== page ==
6. The trouble of Bishop Garcera is: he never worked in foreign country. To be a worker in a foreign country. You are subjected to race and national origin discrimination. You get the lowest paid job and the worst job. Then, they work you like a carabao. A little mistake you make ; can have you fired; right there and then. You have to be ten (10) times smarter than them; to survive in such environment. Your foreign accent is also a factor. There is also a glass ceiling, above your head; that prevents you from going up, in your position.

    I believe that God is outrage, by humanizing him. God does not think like us, or like Bishop Garcera.
    And it is not God’s plan to bring Children into this world; that you cannot provide for their good future. Instead, you breed OFW slaves, to come to suffer in this world.

    1. You’re absolutely right, HT. I can never put more emphasis on the “10 times smarter”. In my line of work, OFWs like me are expected to carry out tasks which our superiors have the slightest idea what we are on about. Hell, we can replace these superiors if it was even allowed. OFWs like me are always “limited” in the sense that we cannot land in a position/designation/status like what they are afforded because of their nationality. Sending out more nurses, DHs, and the like is not helping us OFWs get “upgraded”.

  7. Instead of nursing or caregiving, why don’t Filipinos try their hand beyond the service industry and into sciences and technology? More physicists, biologists and chemists to export would really raise the country’s reputation above being called a “nation of servants.” It all starts at home with a change starting with the Philippines stand-offish attitude towards these fields.

    1. The problem with most Filipinos is that they just prefer those overrated courses like nursing not because they really prefer them but because of their poverty mentality in which they wanna finish college and grab a job immediately based on their course especially if it’s very demanding only to feed their poor family and those branches of science are the exception.

      1. . Bkit b ngtratrabaho tao? Practical dpat tol Madali lng b nursing? D b high school k p lng. Me ielts nclex prc exams yon. Ikaw bka civil sevice d k mkapasa lmao

        1. *facepalm*

          You guys are soo dumb to think we’d fall for that. You guys are desperate enough to impersonate someone here in GRP.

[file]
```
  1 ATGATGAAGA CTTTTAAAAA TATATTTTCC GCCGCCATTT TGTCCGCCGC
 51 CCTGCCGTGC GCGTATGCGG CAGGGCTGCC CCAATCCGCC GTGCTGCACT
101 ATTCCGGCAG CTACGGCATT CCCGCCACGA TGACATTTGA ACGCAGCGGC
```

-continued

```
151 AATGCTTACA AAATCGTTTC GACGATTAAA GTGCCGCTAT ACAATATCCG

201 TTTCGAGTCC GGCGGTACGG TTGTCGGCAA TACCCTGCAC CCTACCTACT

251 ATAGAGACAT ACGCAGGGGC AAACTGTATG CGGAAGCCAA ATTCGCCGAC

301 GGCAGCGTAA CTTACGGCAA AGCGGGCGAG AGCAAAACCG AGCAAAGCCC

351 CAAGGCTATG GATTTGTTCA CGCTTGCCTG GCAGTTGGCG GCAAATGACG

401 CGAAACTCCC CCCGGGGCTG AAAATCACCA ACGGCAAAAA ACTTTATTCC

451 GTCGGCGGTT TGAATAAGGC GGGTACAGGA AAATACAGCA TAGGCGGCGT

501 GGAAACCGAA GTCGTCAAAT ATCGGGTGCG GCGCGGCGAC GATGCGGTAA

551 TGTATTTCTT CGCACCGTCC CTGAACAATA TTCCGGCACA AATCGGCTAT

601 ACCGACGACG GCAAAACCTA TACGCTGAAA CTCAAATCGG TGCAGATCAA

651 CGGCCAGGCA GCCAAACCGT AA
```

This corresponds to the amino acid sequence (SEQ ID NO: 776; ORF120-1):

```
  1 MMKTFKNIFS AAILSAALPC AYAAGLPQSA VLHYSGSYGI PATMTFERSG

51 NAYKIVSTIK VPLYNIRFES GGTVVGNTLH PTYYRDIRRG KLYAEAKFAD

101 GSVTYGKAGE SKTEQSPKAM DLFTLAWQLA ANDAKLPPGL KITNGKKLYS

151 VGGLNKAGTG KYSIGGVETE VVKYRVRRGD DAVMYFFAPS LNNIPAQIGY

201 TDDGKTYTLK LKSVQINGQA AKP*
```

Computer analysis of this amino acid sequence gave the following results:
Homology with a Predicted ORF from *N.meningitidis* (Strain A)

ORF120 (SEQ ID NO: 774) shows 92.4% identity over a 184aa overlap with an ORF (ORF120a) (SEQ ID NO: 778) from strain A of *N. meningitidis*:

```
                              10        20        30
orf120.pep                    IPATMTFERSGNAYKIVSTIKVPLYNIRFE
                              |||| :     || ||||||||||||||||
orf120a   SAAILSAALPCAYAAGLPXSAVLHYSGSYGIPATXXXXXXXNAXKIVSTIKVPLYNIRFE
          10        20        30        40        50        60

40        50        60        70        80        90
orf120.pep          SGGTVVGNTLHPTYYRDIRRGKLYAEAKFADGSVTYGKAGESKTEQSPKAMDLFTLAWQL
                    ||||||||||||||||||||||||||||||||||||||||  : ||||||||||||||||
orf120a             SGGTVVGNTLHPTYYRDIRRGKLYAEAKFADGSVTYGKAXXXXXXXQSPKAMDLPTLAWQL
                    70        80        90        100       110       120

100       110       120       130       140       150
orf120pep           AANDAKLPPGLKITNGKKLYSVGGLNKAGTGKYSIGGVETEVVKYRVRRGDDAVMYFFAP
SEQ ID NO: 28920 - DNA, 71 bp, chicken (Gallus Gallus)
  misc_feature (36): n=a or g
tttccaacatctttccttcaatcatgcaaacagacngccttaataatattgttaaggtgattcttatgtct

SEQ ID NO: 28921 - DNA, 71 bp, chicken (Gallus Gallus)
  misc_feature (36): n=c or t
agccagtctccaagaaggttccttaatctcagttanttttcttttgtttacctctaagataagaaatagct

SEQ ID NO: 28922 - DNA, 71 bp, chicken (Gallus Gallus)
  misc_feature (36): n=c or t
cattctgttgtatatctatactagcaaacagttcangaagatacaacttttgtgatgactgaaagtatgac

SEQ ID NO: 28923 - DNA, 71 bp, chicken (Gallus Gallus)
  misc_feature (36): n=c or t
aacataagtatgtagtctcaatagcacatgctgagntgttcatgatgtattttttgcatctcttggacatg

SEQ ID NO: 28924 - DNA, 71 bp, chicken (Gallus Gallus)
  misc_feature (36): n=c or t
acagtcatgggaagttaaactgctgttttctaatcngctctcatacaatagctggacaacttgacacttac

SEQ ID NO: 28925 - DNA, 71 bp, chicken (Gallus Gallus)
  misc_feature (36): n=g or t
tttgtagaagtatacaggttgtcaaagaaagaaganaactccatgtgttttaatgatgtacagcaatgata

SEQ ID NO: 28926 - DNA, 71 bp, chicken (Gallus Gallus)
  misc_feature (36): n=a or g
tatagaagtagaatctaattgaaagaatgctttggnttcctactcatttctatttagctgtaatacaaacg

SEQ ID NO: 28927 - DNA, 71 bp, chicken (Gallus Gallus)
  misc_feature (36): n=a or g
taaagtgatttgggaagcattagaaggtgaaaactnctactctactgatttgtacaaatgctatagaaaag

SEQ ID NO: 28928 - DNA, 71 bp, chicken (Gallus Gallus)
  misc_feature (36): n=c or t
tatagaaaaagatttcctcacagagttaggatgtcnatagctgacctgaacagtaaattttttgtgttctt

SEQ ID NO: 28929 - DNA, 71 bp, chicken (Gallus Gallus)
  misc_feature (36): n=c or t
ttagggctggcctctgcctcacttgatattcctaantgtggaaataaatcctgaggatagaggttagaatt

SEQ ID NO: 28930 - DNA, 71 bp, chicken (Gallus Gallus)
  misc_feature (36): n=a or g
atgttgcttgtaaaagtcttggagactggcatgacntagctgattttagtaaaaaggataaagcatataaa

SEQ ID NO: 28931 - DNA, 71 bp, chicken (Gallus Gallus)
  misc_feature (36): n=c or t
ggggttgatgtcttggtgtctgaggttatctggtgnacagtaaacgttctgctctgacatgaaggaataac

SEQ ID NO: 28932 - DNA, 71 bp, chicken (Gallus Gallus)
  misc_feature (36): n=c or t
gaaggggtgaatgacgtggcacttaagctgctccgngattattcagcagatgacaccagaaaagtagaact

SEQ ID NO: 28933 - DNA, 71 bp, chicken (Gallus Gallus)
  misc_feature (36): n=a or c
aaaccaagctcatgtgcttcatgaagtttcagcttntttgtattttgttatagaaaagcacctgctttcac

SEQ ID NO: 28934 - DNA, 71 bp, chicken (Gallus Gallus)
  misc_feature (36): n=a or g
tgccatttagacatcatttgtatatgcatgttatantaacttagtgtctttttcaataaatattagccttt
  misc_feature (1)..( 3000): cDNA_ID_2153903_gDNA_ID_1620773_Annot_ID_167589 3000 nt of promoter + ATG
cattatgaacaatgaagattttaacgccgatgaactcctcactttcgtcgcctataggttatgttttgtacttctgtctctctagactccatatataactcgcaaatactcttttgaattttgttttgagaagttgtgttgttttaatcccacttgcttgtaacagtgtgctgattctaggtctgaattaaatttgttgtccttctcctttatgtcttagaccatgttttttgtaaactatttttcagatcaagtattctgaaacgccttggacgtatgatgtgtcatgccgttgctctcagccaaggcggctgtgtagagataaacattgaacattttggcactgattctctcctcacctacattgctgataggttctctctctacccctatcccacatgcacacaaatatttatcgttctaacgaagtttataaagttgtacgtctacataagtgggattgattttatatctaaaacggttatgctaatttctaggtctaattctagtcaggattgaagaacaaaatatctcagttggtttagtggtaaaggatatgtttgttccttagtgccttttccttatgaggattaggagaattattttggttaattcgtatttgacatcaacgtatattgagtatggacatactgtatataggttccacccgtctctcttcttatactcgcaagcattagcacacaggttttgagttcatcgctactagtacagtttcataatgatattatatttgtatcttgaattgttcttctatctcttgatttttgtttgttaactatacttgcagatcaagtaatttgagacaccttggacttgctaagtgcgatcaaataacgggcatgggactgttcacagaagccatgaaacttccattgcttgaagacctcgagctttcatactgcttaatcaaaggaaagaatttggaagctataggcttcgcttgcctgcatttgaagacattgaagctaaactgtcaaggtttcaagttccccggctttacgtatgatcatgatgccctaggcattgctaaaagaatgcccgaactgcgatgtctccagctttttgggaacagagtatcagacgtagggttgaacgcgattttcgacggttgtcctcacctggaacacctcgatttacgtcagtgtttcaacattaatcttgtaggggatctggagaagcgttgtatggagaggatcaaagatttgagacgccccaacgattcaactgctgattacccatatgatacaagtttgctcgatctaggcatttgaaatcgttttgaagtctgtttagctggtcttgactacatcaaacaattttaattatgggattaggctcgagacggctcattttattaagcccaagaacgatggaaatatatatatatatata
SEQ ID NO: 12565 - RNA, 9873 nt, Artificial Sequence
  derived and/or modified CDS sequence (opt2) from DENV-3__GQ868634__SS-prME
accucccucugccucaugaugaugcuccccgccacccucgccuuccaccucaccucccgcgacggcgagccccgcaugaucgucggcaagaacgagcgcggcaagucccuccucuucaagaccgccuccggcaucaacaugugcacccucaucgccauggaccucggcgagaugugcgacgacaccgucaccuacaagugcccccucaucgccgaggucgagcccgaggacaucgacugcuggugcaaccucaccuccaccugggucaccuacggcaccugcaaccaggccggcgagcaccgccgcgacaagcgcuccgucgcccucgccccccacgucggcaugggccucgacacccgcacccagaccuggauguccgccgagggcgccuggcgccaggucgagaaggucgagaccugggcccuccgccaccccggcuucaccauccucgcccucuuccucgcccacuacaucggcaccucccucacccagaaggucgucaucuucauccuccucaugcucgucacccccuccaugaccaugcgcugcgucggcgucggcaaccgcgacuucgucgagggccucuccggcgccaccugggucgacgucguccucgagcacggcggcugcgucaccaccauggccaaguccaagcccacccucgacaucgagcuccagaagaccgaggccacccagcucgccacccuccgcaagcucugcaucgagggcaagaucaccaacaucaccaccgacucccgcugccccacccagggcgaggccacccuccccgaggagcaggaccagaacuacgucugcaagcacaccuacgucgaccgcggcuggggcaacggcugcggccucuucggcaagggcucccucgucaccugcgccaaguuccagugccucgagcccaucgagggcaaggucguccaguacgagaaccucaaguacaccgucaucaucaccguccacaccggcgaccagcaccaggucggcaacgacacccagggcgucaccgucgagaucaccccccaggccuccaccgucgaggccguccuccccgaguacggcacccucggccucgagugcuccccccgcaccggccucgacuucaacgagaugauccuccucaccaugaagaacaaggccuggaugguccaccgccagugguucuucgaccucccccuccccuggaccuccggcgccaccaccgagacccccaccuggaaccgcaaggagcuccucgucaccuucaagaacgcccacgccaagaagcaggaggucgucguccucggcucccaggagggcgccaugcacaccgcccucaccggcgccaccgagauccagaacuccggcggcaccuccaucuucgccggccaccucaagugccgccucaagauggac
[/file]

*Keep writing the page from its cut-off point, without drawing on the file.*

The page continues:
2. Am I talking to you? What is your major malfunction you paid hack troll? Ganyan ka palagi noong high school ano? Mahilig mangopya para lang makapasa dahil mahirap ang test sa iyo when in fact hindi ka naman talaga nag-aral after all for that dahil gimik at puro tv lang ang laman ng utak mo.

        3. You know when a malacanang troll is already desperate when he resorts to impersonating a poster.
          That style of trolling has failed yet again it seems.

        1. Yeah, they actually thought that impersonating GRP regulars like me, domo and WinterSoldier would fool the admins of this blog.

          Their spam posts are nothing but trash like them.

  8. Well-written.Demand and Supply in Economics can rule over this issue.Right now,Lessened Demand:Maximum Supply=Underemployed/unemployed.I am sick of some of these wanna-be RN’s that discriminate other courses.

  9. The US, Europe and all other countries should close their doors to foreign laborers. I say this because it makes it difficult for US students like me to pursue careers without thinking about over saturation. To much influx in oversea workers taking the jobs of people who live within country. I personally feel that it is unfair since for lower income families in the US have government aid while middle class has barely anything to work with since they cant qualify for government support.

    1. Blame it on your Liberal, Democrat, and Politically correct government. When the World Trade was push Im really surprise how the citizens of 1st world countries could benefit since 3rd world countries are willing to work for low salary. Late they realize that it only benefit their super rich, bankers, etc.

  10. all the Filipino nurses I have met are only interested in getting white men to marry them, they are all sluts and whores. They treat other races badly because they think they are superior. They should go back to their own dirty whore breeding country.

Leave a Reply

Your email address will not be published. Required fields are marked *

This site uses Akismet to reduce spam. Learn how your comment data is processed.